Every so often, a movie comes along that I’m not entirely sure what to make of. Suspect Zero is one of them. The film is undeniably flawed, yet the things that work do so beautifully. I can easily imagine it being a modern classic in the thriller genre were it not for some badly bungled exposition. Usually I write my reviews within 24 hours of seeing a film; this one I had sit on for a while.
Aaron Eckhart plays Tom Mackelway, an FBI agent who has been demoted to the field office in New Mexico. Immediately after he arrives, Mackelway starts receiving strange faxes. They include missing children posters as well as bizarre charcoal drawings. Mackelway doesn’t know the significance, but he comes to believe that they are somehow connected to a series of murders he is investigating.
Ben Kingsley plays Benjamin O’Ryan, who we soon learn is a “remote viewer.” This phenomenon (which some believe is actually possible) involves going into a trance and somehow seeing what a killer is doing, simply through the power of the mind. Upon investigation, Mackelway learns that O’Ryan is responsible for the faxes, which are clues of some sort. He also learns that O’Ryan has long been obsessed with the idea of a “suspect zero” – a serial killer who can never be caught because he follows no traceable pattern. The questions arise: is O’Ryan really trying to help, or is he in fact the one who has been killing people? Is he suspect zero?
Here was my dilemma. For the first 40 minutes, I was very involved in Suspect Zero. Ben Kingsley is one of my favorite actors, and he gives a very intense performance that had me glued. Aaron Eckhart – another actor I really like – is also good as the FBI agent who may be more disturbed than he lets on. Director E. Elias Merhige (Shadow of the Vampire) sets an appropriately eerie mood, particularly in the scenes set at murder sites, where all the victims have had an eyelid cut off. The moments in which O’Ryan engages in remote viewing also have a spooky mood, as a low humming noise fills the soundtrack and various colored lens filters distort the image.
And then – all of a sudden – I didn’t understand what was going on anymore. There was something about the dates on the faxes matching up to locations on a map; I never did understand what that was about. Nor did I understand how O’Ryan snuck into the police station and put an important piece of information in the pocket of Mackelway’s jacket. It’s also not clear where Mackelway is getting some of his leads on O’Ryan; he almost seems to know certain things because the screenplay requires him to know them in order to proceed. Things get very confusing very quickly.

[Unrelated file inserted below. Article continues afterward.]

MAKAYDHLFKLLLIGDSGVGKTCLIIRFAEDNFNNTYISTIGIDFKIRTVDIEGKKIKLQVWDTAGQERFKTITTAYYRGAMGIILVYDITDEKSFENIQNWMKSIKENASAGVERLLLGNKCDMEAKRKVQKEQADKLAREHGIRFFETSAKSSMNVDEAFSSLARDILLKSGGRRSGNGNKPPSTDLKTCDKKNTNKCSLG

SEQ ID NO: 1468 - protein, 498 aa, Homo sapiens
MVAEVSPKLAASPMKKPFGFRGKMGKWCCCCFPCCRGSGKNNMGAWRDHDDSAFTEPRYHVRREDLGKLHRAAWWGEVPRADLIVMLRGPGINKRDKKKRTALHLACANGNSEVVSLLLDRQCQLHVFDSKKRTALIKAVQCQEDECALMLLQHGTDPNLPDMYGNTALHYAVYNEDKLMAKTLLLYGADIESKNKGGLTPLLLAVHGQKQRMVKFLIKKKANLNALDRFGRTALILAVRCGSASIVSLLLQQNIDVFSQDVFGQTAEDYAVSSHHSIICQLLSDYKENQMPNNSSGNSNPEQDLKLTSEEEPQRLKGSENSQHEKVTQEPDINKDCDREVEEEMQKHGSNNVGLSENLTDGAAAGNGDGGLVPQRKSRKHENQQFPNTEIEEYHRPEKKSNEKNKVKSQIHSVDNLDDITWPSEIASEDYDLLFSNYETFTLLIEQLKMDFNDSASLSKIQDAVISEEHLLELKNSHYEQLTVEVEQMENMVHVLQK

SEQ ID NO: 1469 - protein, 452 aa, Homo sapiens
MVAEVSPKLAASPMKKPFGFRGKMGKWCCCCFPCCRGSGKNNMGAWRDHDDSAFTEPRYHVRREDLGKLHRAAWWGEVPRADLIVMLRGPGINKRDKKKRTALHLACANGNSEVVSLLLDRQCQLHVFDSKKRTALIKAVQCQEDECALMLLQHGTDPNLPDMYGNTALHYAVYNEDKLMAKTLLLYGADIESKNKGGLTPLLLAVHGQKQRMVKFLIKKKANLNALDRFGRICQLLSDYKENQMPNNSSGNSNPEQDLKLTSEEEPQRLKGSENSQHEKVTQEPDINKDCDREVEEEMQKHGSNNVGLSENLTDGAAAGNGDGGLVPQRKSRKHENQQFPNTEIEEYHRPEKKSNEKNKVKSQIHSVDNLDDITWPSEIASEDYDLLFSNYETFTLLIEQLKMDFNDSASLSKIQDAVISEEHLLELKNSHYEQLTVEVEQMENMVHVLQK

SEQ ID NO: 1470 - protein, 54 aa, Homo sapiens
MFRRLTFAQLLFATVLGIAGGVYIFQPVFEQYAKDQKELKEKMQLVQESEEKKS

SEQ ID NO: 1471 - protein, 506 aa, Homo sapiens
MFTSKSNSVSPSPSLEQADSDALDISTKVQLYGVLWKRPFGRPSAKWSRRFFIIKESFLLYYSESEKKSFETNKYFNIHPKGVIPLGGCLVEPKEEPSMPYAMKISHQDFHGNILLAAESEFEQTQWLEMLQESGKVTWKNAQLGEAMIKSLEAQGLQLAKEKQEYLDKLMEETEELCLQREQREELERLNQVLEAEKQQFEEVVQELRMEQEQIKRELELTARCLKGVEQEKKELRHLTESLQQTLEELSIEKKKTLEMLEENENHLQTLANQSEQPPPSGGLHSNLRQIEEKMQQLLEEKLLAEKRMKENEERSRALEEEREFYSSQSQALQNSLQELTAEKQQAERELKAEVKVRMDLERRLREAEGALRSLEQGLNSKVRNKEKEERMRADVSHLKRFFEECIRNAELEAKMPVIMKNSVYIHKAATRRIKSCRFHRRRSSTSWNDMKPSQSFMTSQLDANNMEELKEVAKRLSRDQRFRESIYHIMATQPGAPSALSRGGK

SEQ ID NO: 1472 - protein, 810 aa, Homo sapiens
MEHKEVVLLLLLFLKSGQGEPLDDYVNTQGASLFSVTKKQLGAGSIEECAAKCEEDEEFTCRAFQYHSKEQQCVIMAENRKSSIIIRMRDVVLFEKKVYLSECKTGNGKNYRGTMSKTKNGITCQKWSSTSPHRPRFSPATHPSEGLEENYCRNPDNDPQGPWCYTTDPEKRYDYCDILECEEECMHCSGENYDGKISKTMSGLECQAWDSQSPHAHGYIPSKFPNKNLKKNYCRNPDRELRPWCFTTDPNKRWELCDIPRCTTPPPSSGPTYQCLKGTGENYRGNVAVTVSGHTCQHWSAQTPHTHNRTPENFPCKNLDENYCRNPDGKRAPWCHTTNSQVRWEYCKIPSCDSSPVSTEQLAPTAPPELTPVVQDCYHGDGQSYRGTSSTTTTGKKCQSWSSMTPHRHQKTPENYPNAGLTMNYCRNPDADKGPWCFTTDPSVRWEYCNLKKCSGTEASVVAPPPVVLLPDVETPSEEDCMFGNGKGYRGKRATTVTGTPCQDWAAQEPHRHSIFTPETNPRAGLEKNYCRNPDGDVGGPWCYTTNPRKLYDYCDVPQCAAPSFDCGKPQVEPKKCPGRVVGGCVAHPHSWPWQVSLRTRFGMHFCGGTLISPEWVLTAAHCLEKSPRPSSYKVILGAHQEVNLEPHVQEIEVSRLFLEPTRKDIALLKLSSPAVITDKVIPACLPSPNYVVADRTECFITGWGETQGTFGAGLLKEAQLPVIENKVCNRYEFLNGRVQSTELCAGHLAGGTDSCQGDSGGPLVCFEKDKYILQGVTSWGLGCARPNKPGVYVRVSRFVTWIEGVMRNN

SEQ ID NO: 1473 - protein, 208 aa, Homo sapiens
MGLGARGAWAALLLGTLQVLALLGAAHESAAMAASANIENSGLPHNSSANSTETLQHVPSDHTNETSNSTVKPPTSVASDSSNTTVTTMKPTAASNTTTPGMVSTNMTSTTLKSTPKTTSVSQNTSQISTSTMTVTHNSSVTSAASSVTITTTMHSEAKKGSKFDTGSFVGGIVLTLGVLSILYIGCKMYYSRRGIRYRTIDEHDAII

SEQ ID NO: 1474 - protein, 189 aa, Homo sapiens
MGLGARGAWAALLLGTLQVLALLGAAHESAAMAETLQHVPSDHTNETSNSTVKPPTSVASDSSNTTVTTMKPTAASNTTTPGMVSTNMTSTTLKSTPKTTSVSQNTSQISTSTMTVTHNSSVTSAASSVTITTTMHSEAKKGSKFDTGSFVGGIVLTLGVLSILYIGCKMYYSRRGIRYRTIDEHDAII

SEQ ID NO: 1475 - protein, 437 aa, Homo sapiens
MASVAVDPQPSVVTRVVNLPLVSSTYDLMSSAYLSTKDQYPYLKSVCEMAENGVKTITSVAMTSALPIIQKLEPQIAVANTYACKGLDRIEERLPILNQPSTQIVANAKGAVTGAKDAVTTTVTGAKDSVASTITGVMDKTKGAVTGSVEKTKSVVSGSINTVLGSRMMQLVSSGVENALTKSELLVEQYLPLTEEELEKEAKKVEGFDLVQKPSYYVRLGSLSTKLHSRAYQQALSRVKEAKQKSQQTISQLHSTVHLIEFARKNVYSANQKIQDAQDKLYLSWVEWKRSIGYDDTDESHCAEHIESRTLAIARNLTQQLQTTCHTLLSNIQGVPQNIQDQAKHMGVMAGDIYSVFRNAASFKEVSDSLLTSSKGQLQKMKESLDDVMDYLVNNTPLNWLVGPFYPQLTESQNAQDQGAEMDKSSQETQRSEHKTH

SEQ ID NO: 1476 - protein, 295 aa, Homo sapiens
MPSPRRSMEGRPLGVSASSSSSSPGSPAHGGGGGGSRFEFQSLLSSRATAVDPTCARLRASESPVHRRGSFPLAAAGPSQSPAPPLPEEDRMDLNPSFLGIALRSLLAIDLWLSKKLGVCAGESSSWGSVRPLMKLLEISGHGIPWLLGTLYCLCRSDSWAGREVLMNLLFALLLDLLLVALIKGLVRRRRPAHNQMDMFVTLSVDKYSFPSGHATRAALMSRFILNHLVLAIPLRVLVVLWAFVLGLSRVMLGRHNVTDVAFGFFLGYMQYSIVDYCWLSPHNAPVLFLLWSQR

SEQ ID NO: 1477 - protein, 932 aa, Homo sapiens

This confusion lasted about 20 minutes, and I feared that the film had gone irreparably off track after a promising start. Then I started to pick things up again. Not everything made sense; there were still a number of details that didn’t quite seem to fit right. However, I was able to grasp the general direction the story was taking. The ending is a bit jarring, making you think one thing, then another. Whatever else it lacked, I think I found the basic theme of the story, and I responded to it.
It really wouldn’t be possible to convey my feelings about Suspect Zero without telling you what exactly I responded to. Therefore, if you don’t want to know what happens, skip the next paragraph.
I think this is a story about a tormented man. O’Ryan has been trained by a secret military group to do this remote viewing but, as he says, they never taught him how to turn it off. As a result, he’s been tortured for years by images of grisly murders. O’Ryan just wants to visions to stop. During the time frame depicted in the movie, O’Ryan is tracking down a real suspect zero – a truck driver who goes cross-country abducting children. Along the way, he murders several other scumbags who have killed kids and teenagers. (These are the murders Mackelway is investigating.) O’Ryan engages the FBI agent because he knows Mackelway “fits the profile” of a remote viewer based on the scandal that led to the demotion. He also knows that by flaunting his own murders, he can get Mackelway to pursue and kill him, thereby ending the torment. It’s the only way he can think of to make the visions stop. That’s a pretty fascinating concept, and even though some of the details of the plot don’t add up, this side of the story does. I was intrigued by the idea of O’Ryan’s weariness from years of having grisly visions.
After a lot of thought, I decided that I liked and would recommend Suspect Zero. Had a little more attention been paid to exposition in the middle, this would probably have ranked right up there with The Silence of the Lambs. As it is, the theme of the story manages to shine through some of the more muddled parts. Flawed though it may be, I appreciated the thoughtful – and haunting – ideas the movie expresses.
( out of four)
Suspect Zero is rated R for violent content, language and some nudity. The running time is 1 hour and 39 minutes.
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